The strait of Gibraltar separates mainland Spain from Morocco and mainland Africa. At its narrowest point it is only 7.7 nautical miles. Crossing the strait or going through the strait requires an understanding of how that narrow stretch of ocean is affected by wind, tidal stream, tidal current and swell. This becomes a complex combination of factors to deal with, as all my sailing instructor friends will agree.


There is a constant West to East stream running through the Strait and into the Mediterranean to combat the water loss by evaporation. This varies in strength depending on how close to the shore you are, it’s much faster by the coast and less strong in the middle. It basically turns the strait into a giant conveyor belt, which you must board at the right time or else you won’t make any progress in any direction.


We timed our exit from Puerto de Conil in order to get on the conveyor at the right time, especially seeing as we only have about 8knots of wind (enough to just about fill the sails but not enough to keep passage speed). It’s a beautiful day for it and we round Cape Trafalgar with the sails goose-winged. This is when your mainsail is up and fully out on one side of the boat and your headsail is on the other side, held out by a pole. It feels regal, and magnificent, as if you are displaying all your sails for all to see.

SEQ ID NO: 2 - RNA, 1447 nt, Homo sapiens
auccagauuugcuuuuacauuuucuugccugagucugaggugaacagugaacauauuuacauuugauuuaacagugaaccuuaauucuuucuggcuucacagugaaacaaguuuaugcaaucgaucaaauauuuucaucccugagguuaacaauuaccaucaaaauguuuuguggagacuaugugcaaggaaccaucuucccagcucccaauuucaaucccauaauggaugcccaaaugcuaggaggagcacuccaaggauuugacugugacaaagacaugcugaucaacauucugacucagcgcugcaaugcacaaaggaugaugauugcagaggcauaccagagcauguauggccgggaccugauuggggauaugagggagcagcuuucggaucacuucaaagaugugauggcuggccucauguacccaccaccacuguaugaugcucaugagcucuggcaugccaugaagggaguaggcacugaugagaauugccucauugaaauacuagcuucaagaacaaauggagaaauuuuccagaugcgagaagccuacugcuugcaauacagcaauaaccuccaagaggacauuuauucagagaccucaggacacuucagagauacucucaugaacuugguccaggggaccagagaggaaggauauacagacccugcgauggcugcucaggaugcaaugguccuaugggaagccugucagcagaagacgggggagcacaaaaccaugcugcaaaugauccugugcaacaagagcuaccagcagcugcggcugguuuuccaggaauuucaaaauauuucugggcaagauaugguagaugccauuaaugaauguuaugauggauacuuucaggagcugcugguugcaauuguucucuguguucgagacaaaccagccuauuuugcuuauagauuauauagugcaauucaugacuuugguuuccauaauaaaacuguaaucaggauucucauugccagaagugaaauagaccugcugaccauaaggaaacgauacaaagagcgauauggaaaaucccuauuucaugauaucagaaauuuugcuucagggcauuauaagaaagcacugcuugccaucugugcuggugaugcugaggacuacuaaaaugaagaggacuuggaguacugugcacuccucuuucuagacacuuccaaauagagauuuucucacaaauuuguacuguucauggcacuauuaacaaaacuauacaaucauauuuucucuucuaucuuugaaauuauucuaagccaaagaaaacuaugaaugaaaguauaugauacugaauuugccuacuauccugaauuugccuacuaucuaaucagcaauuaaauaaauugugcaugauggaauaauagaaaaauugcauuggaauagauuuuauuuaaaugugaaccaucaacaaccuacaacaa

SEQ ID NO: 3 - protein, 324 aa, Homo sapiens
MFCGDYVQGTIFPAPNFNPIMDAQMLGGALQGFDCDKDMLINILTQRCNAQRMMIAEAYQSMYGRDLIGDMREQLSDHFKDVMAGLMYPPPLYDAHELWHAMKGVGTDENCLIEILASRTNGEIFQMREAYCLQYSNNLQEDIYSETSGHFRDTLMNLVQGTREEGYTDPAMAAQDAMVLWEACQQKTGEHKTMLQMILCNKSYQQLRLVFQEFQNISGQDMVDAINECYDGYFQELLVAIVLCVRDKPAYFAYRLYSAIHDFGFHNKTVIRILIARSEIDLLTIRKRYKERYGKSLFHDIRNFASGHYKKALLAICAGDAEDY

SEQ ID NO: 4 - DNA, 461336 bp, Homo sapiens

We get closer and closer to Tarifa and the wind starts to slowly creep up 10 or 11knots. I warn James about Tarifa: I know it already as a surfing mecca, wild and windswept, famous for winds of 30knots for 300 days of the year. We have learned from past experience to beware climbing winds when on a dead run (sailing downwind goose-wing fashion) so we are on our guard. But, with Tarifa on our beam, the sun sets, the tidal stream stops and the wind dies, all at the same time! “Um, wild and windy Tarifa?” James says to me with an eyebrow raised.


The tide, in fairness, seemed to have a minor pause and picks up again but the wind is definitely gone, so we take down the pole, pin in the main, and watch the stars come out as we switch to nighttime mode of distinguishing the lights of all the tankers in the strait.


Slowly, slowly, we enter the Bay of Gibraltar, our goal after 6 weeks out of Falmouth. Everything is lights, shorelights, street lights, lighthouses, tankers, fishing vessels and ferries. We weave our way through it all to La Linea, our Spanish anchorage for the night before our move into a Gibraltarian marina. 1134 miles after our home berth at Mylor, we are at our new home for the next couple of weeks. Anchor is dropped, instruments turned off, log is closed. November 16th, we are here.